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Meet CHPP’s Team

Dr. Lynn Henderson, DVM, MEd

Veterinary Director

Lynn Henderson

Dr. Lynn Henderson has been involved in clinical companion animal practice in many forms since receiving her Doctor of Veterinary Medicine (DVM) degree from the Ontario Veterinary College (OVC) in 2007. Having worked in general practice, emergency medicine, house-call medicine and hospice and palliative care, she has always been most interested in the areas of veterinary medicine that allow engagement with the human side of practice. Dr. Henderson operated a successful veterinary house-call practice for 10 years, gaining certification in veterinary hospice and palliative care through the International Association of Animal Hospice and Palliative Care in 2019. Dr. Henderson also recently completed her Master of Education. She believes strongly in relationship-building, authentic communication and accountability in delivering on promises.  

As Veterinary Director, Dr. Henderson leads the program’s clinical and learning teams who are engaged in community service and service learning and oversees the relationships and partnerships between OVC and many community stakeholders and committed organizations with a focus on improving access to veterinary care.  


Meghan Longley, RVT

Clinical Services Manager

Meghan Longley

Meghan Longley completed her Registered Veterinary Technician diploma at the University of Guelph Ridgetown Campus and has worked with the OVC since 2010.  

She has furthered her education and training by working in various areas throughout OVC’s Health Sciences Centre, including small animal and large animal surgery, the intensive care unit, the large animal wards and, most recently, in the Clinical Studies department as part of the Clinical Skills team, assisting in teaching labs for years one through three of OVC’s DVM program.  

As Clinical Services Manager, Meghan provides critical strategic and operational support for the clinical program and student veterinarians participating in the CHPP.  


Melanie Thompson, RVT

Shelter and Community Medicine

Melanie Thompson

Melanie received her Registered Veterinary Technician designation in 2001 after graduating with honors from Seneca College. During her 21-year career at the OVC, she has worked in the Large Animal Wards, providing patient care. She also has experience working in both small animal surgery and large animal surgery.    

As an RVT in the Community Healthcare Partnership Program, Melanie is responsible for organizing and maintaining the technical aspects of the program, helping to facilitate and develop client communication and community needs, while providing support and functional guidance to veterinary students.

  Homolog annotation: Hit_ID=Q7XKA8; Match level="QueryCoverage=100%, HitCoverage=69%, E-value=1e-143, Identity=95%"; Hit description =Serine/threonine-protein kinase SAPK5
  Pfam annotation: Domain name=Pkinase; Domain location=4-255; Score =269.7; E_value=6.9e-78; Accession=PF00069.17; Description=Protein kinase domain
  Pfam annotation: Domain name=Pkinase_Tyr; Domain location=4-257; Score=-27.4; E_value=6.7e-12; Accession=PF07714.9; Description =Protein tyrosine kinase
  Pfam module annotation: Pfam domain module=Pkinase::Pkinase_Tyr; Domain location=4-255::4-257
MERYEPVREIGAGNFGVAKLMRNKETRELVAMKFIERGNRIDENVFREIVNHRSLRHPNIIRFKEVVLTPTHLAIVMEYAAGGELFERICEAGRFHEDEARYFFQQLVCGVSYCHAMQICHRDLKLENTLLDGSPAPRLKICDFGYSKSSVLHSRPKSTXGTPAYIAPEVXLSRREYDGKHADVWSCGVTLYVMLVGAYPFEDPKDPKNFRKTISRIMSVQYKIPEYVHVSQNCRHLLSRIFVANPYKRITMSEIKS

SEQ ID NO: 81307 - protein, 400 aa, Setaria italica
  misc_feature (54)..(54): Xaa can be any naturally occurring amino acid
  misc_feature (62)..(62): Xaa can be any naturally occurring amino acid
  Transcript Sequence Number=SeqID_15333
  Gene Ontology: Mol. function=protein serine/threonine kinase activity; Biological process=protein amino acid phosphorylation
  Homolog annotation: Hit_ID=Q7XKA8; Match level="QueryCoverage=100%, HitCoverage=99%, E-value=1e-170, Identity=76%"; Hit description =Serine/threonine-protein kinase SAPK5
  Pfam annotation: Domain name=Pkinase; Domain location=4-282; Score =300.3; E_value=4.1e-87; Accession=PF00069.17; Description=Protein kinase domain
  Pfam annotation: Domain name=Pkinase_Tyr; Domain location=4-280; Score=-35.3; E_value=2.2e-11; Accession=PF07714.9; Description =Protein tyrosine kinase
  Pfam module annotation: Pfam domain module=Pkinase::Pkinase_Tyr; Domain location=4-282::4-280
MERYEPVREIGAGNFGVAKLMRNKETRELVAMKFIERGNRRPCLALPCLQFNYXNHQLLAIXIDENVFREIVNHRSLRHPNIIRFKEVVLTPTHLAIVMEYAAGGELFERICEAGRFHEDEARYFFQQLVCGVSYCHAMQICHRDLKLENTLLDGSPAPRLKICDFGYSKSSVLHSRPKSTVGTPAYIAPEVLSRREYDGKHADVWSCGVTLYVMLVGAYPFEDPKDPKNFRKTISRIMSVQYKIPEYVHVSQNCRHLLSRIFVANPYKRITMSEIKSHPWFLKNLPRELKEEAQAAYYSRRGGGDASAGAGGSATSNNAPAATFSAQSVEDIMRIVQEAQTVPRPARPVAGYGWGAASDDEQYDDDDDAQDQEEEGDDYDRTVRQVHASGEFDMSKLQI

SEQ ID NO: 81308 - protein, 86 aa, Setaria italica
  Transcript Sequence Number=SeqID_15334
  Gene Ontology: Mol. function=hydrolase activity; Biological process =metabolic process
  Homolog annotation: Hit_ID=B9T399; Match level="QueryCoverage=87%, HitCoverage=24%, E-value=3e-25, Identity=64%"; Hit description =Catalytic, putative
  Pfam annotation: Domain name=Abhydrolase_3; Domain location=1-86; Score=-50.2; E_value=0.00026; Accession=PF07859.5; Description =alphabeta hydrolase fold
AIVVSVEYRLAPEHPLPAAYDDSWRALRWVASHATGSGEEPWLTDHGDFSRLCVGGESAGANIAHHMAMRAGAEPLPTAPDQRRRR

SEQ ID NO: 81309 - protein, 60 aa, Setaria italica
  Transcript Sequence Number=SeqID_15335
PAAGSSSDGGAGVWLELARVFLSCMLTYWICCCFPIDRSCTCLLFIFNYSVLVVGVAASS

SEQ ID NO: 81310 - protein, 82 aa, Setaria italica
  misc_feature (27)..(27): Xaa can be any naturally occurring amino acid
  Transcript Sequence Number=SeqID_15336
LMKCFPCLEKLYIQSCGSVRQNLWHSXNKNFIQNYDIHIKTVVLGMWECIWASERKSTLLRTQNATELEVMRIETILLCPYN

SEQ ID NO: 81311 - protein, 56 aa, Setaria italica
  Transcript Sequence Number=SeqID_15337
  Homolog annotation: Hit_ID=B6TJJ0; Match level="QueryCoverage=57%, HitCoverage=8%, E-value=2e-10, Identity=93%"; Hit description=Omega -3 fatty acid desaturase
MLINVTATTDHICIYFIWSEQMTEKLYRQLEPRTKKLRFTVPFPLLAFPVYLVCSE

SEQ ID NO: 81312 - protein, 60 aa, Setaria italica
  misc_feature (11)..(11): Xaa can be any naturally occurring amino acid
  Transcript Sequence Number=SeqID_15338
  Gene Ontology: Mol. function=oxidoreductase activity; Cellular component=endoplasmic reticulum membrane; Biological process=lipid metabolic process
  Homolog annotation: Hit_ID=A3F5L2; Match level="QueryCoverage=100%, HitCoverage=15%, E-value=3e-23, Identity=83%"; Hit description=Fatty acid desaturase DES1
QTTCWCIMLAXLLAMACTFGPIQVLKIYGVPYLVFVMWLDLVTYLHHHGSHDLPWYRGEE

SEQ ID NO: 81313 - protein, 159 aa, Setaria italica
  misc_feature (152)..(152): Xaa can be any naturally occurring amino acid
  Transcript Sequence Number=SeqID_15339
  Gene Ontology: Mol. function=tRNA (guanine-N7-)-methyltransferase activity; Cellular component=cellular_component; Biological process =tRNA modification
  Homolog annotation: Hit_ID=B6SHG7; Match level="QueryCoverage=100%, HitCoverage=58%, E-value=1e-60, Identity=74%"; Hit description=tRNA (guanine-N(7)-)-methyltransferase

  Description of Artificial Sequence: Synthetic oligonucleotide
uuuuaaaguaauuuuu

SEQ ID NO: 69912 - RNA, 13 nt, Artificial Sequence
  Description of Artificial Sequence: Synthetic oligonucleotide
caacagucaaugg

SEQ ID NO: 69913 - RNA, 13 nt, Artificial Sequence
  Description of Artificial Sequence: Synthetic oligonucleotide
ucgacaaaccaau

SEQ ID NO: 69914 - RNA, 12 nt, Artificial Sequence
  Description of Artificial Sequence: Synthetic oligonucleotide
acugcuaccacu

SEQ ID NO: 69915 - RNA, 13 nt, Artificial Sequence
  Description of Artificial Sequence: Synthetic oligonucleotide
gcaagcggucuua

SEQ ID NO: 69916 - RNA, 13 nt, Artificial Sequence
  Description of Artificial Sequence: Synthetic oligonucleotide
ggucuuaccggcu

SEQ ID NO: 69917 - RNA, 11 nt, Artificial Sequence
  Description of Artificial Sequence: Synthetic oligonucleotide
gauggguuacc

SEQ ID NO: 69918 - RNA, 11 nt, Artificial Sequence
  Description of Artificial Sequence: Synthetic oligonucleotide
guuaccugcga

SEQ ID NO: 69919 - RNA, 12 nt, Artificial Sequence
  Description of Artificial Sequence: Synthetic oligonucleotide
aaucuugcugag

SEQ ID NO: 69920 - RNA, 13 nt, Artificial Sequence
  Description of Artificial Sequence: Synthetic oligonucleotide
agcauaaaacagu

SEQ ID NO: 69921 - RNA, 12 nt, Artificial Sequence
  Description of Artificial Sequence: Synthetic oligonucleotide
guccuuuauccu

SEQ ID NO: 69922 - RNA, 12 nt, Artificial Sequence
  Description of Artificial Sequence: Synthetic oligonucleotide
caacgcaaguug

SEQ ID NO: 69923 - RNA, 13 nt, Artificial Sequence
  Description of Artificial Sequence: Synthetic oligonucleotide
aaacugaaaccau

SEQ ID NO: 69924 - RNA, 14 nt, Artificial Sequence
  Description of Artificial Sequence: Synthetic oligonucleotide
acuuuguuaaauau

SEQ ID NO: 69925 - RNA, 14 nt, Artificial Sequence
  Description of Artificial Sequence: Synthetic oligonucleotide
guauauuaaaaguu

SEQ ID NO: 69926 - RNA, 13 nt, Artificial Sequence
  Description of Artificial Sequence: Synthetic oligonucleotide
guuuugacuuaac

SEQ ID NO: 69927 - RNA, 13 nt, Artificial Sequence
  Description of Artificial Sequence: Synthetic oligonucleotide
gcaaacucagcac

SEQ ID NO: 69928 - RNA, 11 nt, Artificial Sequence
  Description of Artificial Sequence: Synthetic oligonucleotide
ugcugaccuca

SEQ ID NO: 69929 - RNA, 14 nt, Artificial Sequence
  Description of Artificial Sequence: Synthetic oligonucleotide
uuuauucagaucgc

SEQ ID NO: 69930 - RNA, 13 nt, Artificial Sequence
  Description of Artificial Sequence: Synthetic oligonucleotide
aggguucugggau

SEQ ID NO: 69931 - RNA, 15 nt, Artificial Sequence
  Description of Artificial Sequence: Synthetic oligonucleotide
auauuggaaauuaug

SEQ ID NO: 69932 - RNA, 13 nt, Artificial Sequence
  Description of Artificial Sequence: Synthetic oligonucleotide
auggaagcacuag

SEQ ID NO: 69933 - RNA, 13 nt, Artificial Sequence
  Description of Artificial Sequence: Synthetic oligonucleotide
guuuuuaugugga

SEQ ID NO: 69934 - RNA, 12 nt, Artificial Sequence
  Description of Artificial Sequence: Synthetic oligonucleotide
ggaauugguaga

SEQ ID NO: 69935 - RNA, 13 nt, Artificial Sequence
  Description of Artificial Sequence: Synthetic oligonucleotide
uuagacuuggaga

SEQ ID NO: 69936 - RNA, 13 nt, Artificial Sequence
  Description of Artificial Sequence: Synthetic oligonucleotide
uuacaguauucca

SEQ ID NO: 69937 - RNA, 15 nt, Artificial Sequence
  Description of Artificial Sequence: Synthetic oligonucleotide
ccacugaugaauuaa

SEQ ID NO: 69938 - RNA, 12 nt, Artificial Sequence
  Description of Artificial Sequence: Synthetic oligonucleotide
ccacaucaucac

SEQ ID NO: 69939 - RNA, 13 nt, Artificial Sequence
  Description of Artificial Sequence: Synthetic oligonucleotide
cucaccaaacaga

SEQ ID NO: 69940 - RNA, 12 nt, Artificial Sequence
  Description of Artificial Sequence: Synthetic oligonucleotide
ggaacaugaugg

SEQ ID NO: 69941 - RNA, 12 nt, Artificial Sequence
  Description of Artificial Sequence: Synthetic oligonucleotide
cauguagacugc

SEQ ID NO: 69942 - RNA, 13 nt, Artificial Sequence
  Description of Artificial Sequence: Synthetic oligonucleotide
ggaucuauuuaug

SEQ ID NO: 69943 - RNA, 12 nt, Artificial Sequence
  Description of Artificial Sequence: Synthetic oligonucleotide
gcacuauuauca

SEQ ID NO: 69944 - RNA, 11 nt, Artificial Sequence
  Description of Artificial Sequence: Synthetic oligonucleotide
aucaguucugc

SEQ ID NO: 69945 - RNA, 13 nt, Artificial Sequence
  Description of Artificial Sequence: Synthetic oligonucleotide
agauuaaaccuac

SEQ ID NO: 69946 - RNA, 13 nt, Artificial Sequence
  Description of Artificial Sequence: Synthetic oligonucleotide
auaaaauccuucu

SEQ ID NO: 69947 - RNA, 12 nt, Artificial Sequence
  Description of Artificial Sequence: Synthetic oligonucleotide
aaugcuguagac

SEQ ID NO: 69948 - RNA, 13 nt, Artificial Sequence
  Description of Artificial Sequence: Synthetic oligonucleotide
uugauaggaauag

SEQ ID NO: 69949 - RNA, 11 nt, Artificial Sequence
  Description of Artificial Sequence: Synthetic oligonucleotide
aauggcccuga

Wesley Cheung, Bachelor of Veterinary Science

Clinical Resident in Shelter Medicine

After graduating from the University of Sydney, Wesley started his career in small animal general practice and later underwent an internship in emergency and critical care, working as an emergency veterinarian. Following his passion for shelter medicine, he completed a specialty internship under Cornell’s Maddie’s Shelter Medicine Program and served as a shelter veterinarian at Toronto Humane Society. Today, he is the first clinical resident in shelter medicine in Canada and is involved in shelter consultative work, outreach, research and teaching. 


Dr. Laura Van Patter

Laura Van Patter

Dr. Lauren Van Patter is the Kim & Stu Lang Professor in Community and Shelter Medicine in the Department of Clinical Studies at the Ontario Veterinary College, University of Guelph. As an interdisciplinary Animal Studies researcher, Lauren has explored questions of ‘living well’ in multispecies communities – from feral cats and urban wildlife in Canadian cities, to domestic dogs in rural Botswana. As an action-oriented scholar, Lauren has collaborated widely with veterinarians, wildlife practitioners, biologists, philosophers, and cultural theorists, and has published in peer-reviewed Veterinary, Animal Studies, Geography, African Studies, and Wildlife Management journals. Their current work with CHPP aims to identify, understand, and remove barriers to animal healthcare access for underserved communities, which they approach through a focus on One Health and the Human-Animal Bond, and through Community-Based Participatory Research methodologies.